As in any profession, teachers populate a spectrum of professionalism. And at one end of the spectrum, some teachers were delighted to discover that they could produce a silent classroom of happy students by letting them "phone out" (zone out on their phones). Teacher effort required: zero. A perfect pacifier. 

There were also the "treat-em-like-adults" optimists who felt that given free anytime access, 14 year-olds in class would exercise  only use their phones if they truly needed to. They were shocked by the ubiquity of that need. 

There were also jerks like me. I never harbored any patience for unauthorized phone use in class. And my authorizations were few and far between. Very few. The "No Phone Zone" policy is displayed and repeatedly announced. But there were always students who were undeterred.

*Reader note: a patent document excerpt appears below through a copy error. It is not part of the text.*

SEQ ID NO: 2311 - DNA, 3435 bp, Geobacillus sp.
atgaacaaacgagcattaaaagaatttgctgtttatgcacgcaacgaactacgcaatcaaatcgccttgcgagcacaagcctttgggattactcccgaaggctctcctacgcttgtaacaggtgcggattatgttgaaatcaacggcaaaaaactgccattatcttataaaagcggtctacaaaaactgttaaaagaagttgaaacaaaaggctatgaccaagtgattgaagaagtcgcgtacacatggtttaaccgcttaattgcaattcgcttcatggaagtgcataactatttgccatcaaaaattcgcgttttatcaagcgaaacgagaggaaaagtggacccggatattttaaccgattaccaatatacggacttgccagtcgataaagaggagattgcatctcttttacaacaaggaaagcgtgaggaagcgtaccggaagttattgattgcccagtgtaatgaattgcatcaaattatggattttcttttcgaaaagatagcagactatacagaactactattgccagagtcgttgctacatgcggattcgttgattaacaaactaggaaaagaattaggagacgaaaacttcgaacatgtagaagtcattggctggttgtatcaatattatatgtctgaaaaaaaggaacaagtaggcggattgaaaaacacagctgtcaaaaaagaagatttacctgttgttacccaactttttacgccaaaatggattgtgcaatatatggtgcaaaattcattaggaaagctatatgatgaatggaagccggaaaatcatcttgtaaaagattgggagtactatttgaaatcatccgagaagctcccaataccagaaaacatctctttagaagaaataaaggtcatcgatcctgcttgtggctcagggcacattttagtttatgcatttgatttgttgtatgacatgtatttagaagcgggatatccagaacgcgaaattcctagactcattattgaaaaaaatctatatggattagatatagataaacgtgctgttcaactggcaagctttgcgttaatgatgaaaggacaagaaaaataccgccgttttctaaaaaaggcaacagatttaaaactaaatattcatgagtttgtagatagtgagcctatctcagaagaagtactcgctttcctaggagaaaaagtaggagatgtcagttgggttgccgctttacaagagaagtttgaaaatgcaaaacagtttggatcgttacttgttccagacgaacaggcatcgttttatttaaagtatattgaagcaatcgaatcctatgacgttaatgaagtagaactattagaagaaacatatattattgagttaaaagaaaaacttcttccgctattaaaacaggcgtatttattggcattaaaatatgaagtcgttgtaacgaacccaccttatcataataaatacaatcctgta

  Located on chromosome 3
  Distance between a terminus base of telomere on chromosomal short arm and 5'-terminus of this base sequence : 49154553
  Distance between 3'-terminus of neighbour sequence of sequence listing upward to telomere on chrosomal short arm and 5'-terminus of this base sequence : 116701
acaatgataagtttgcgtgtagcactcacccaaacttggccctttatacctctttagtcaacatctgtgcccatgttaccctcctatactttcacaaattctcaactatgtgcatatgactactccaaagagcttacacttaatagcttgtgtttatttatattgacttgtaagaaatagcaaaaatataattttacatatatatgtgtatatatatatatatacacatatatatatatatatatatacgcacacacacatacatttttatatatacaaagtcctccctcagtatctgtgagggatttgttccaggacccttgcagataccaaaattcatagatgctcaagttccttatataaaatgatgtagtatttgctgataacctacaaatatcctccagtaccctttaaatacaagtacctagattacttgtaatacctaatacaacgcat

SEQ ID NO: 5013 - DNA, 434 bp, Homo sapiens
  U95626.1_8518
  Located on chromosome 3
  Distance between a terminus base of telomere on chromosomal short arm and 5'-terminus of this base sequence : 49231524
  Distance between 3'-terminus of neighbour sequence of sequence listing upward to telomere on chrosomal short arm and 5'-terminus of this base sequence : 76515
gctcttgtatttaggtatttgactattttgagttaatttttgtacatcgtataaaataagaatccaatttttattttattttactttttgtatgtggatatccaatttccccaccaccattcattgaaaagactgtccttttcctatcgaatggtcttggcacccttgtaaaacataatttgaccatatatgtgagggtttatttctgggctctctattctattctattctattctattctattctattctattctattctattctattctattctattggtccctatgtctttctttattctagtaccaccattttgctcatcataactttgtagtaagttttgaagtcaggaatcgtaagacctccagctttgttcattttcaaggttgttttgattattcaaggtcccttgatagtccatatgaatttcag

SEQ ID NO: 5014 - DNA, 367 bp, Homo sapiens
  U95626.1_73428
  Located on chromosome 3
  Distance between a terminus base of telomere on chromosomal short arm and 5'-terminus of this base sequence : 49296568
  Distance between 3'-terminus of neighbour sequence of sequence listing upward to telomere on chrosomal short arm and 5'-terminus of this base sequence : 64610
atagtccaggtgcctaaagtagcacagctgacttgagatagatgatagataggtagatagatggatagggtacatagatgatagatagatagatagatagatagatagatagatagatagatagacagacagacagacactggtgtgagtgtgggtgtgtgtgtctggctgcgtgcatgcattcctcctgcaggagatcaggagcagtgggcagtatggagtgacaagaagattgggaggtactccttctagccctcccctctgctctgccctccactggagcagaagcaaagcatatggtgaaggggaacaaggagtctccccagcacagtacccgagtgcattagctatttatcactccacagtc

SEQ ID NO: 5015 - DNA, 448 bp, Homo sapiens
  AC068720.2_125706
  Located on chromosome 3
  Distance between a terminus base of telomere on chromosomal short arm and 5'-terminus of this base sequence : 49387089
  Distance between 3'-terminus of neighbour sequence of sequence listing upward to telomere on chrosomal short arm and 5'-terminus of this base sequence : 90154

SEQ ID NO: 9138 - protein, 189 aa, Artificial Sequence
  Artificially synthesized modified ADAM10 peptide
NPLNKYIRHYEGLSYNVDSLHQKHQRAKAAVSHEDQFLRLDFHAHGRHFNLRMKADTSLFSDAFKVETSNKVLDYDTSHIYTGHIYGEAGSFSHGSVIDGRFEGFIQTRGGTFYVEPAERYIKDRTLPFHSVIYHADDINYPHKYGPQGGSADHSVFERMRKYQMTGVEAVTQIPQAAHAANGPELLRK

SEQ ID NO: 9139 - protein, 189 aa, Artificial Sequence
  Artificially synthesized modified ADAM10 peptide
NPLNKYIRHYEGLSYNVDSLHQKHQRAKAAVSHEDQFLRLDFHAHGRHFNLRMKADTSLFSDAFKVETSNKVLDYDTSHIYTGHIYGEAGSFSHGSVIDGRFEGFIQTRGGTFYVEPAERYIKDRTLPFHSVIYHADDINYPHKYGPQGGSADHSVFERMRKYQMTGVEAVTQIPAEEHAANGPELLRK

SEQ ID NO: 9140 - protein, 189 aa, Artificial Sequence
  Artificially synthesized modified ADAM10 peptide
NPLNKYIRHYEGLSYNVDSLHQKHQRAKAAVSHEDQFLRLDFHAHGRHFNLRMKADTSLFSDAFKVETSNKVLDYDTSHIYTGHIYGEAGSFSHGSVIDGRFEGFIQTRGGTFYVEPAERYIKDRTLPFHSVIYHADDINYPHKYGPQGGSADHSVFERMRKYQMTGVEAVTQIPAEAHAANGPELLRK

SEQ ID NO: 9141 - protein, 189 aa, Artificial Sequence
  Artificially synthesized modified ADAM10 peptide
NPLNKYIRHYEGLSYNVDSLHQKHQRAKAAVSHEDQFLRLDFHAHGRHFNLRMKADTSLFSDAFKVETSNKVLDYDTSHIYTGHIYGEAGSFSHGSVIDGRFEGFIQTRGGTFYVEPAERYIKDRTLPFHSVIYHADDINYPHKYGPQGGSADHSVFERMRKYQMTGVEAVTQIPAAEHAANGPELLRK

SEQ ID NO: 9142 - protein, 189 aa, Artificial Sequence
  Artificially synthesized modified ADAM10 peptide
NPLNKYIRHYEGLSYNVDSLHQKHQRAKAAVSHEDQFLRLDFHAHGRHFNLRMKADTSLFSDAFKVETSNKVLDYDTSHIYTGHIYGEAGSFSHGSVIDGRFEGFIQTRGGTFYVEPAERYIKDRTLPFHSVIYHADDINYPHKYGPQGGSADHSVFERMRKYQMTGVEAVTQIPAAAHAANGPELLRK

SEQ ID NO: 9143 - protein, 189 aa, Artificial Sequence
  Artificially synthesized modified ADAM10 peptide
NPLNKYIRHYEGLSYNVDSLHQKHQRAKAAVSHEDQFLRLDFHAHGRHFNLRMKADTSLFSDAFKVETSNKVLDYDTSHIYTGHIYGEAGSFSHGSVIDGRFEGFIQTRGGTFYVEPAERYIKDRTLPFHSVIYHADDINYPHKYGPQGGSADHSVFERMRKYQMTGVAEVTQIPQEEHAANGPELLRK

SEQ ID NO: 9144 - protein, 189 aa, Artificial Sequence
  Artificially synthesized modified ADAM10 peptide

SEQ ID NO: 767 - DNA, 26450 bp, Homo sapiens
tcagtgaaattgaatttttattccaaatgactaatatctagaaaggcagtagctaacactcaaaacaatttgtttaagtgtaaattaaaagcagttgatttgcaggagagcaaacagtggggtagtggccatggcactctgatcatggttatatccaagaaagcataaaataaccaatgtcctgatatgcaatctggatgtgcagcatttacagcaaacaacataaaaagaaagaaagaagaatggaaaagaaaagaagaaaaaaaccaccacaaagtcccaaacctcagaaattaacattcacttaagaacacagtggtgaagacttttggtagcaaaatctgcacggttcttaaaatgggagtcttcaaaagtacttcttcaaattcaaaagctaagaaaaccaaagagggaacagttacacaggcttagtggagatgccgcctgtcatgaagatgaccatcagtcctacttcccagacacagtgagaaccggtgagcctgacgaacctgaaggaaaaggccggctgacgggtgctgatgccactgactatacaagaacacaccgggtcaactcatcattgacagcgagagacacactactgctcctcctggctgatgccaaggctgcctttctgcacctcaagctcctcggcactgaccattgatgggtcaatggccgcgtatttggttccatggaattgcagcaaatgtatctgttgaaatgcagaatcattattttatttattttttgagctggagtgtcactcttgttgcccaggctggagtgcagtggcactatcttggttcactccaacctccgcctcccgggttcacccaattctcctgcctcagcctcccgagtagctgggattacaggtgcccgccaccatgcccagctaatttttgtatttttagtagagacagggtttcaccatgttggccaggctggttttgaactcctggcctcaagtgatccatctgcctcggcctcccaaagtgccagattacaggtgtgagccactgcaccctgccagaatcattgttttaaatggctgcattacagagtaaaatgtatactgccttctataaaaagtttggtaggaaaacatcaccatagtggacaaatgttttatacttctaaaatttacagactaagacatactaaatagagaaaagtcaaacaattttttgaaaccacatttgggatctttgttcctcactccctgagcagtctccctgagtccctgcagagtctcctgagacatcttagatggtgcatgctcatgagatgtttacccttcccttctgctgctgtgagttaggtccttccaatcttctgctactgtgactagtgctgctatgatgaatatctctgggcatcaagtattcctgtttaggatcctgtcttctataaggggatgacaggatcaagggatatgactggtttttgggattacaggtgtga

Those students were accustomed to teachers begging and pleading. They'd often make an attempt at discretion by hiding their phone behind books or a backpack on the desk. They were in complete disbelief when I assigned them Saturday school upon their very first phone infraction. But that tended to keep subsequent infractions in check to some extent.

Two years ago I cleared out part of my room to make space for a backpack cubbies. Thirty-two: one for each seating location in the classroom. And I authored an accompanying limerick:

The phone goes into the pack
The pack goes into the rack
Kindly observe
That the parking's reserved
In an hour you'll get it all back

The backpack rack is reasonably effective. But phone addiction is strong among teenagers. And getting stronger. Some keep their phone in a pocket rather than surrendering it to the pack which will lie feet away from them for the duration of the period. And, as mentioned previously, my zero tolerance casts me as an intolerant jerk who just doesn't "get it". Some colleagues would suggest I'm not meeting the students where they are.